Why are we teachers so bad at tutoring our own kids?

Tension is never far from the surface when teachers try to impart their expertise to their own children, says Gordon Cairns

Gordon Cairns

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A secondary teaching career dovetails pretty neatly with being a parent: earlier finishing times and long holidays lets us spend more time with our offspring than other professionals might and saves on out-of-school childcare, while our experience gives us at least a limited insight into teenage psychology.

What it can't offer, however, is even the slightest glimmer of nepotism. While the purpose of the job is to help other people's children get on in life, we can't offer very much of a leg up to our own: no place on the board of the family business, no useful workplace connections and no getting an "in" into the company a parent works for. All that is off-limits for the children of teachers.

But in theory there is one area where we should be able to offer preferential treatment: an (almost) guaranteed pass in the subject we teach. As our own children hit senior school and have prelims and then final exams to face, our career, which has probably caused a lot of playground embarrassment in being regarded as an evil entity, should suddenly become very useful indeed, through unlimited access to free tutoring whenever it is necessary. Just think, an on-call tutor over breakfast to clarify what an oxbow lake  is or discuss the significance of Jay Gatsby's statement: "Can't repeat the past? Why of course you can!"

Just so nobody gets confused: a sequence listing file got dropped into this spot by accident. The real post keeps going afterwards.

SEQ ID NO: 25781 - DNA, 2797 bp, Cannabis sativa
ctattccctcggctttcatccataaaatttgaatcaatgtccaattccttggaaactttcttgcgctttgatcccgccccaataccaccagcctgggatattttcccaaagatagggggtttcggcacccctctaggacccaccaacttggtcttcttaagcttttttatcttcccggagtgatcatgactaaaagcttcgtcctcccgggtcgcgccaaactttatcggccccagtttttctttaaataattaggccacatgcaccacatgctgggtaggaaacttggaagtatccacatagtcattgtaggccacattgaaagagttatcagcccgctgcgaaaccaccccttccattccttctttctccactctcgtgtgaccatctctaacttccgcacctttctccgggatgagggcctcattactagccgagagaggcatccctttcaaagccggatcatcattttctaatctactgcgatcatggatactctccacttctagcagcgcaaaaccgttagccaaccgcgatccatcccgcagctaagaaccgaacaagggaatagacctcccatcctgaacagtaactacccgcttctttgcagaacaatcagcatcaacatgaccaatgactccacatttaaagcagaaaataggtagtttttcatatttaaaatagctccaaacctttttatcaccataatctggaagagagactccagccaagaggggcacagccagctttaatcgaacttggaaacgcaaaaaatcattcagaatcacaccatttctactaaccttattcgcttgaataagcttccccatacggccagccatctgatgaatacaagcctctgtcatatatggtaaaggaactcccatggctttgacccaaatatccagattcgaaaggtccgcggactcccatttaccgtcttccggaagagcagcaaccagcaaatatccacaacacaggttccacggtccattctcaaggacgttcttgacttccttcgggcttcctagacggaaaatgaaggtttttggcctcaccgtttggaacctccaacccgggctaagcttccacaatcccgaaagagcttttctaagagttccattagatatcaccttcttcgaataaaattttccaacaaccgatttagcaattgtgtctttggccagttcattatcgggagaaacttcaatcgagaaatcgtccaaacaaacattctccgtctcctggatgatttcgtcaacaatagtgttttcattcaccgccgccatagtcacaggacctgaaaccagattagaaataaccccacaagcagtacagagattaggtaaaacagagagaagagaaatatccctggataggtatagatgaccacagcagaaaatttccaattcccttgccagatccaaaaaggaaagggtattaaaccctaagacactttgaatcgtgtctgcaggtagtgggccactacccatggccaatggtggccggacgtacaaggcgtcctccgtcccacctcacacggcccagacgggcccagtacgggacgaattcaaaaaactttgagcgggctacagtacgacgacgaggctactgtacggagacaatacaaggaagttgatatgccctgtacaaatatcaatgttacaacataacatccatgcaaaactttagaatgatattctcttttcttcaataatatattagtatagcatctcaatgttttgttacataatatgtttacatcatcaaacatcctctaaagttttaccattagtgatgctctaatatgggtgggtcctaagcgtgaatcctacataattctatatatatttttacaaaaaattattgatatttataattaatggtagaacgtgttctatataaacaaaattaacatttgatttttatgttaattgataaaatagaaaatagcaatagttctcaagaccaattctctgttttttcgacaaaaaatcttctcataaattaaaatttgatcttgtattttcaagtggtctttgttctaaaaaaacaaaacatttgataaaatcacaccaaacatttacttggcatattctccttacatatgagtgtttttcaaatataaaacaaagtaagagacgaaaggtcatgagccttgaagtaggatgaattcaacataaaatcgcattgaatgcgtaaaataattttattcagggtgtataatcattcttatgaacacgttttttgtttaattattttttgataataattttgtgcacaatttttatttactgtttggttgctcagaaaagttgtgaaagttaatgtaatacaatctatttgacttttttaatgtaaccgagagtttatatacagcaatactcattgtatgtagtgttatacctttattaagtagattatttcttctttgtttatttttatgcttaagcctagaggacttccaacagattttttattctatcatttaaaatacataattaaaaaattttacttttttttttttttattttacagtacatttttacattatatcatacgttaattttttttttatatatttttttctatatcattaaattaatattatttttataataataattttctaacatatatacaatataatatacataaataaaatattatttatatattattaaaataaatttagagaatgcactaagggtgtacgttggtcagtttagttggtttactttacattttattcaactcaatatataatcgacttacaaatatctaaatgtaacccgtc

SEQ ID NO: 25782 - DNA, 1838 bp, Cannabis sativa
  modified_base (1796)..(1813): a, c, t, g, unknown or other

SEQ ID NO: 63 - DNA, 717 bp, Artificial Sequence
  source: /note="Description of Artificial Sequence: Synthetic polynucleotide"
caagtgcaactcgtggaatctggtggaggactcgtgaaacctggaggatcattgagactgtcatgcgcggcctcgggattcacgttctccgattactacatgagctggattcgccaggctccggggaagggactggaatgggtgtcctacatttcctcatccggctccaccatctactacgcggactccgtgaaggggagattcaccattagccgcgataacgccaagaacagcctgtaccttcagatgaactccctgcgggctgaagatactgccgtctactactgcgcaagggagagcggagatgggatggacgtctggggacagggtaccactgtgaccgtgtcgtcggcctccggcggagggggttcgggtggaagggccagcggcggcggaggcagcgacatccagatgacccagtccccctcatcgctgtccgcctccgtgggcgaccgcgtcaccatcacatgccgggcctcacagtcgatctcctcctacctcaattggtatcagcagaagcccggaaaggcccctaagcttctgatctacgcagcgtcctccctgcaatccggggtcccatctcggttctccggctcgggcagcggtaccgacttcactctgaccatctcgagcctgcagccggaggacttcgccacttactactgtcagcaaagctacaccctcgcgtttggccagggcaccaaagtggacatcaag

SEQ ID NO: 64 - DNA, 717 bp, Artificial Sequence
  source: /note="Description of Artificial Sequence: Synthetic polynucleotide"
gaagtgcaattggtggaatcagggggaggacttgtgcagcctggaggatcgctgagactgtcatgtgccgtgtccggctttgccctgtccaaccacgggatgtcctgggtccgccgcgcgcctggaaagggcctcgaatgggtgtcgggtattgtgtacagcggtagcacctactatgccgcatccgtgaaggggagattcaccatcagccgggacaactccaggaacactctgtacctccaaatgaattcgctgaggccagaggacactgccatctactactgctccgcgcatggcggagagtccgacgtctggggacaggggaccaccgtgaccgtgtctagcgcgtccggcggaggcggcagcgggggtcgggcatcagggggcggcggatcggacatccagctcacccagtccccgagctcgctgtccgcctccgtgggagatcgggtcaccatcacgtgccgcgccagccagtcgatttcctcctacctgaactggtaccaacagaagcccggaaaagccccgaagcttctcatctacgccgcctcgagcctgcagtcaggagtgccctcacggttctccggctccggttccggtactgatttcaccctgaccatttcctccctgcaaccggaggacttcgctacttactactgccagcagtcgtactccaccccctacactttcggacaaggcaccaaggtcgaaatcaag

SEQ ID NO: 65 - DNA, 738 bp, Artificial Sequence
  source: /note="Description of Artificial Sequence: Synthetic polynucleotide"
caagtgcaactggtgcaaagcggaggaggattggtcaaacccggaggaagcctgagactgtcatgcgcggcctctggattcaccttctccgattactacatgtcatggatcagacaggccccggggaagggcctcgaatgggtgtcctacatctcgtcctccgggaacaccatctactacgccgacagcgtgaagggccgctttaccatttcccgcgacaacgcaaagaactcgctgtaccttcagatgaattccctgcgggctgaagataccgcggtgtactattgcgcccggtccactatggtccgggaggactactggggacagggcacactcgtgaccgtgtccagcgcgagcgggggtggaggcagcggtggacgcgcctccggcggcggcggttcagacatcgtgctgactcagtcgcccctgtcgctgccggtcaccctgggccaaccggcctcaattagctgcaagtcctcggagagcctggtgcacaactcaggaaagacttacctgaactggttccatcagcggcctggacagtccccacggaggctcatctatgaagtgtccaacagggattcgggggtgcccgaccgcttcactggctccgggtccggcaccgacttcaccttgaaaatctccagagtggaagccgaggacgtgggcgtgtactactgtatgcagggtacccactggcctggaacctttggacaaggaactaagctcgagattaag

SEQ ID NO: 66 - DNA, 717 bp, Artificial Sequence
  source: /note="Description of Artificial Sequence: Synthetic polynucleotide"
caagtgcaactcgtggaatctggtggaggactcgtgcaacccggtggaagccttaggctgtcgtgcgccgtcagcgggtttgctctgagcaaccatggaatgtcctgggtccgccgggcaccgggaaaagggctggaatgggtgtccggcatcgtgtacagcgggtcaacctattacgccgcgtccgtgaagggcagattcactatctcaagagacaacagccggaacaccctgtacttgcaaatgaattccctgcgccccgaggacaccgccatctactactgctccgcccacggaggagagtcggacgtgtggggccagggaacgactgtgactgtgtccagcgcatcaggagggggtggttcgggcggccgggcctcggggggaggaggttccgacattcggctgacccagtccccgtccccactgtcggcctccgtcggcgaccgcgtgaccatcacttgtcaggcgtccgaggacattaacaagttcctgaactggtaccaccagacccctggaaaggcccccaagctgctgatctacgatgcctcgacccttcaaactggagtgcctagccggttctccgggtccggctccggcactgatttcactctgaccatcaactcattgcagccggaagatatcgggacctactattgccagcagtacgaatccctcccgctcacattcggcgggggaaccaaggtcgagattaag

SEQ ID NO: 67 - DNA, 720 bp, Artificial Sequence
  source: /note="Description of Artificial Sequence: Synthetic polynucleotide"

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If the meter was running as a tutor, a parent would be able to retire by the end of S6, but as a free resource the parent-teacher gets eye-rolls rather than plaudits from the potential beneficiaries.

An exam tutor on tap... 

Why is it so difficult for both parties, parent and child, when it comes to exam preparation? This is the one area of their teenage lives where you don’t have to ask for a translation of every second word and can actually show your worth beyond being a dispenser of tenners, but our skill-set counts for nothing.

The pupils who diligently listen to outsiders offering insight, advice and study technique tips shut down when the source of this info comes from their closest relative. And the behaviour of the parents is not much better. Between nine and four, they might have the patience of a Zen Buddhist but when it comes to their own this turns to open exasperation when the poor child can't pick up a concept immediately.

Maybe that's the problem: it's us not them. The only solution is to do a tutor swap with departmental colleagues – you teach mine, I teach yours – and remove the parent-teenager tension from the equation. Or, failing that, try disguising yourself as an itinerant tutor and charge by the hour.

Gordon Cairns is a forest school and English teacher who works in Scotland

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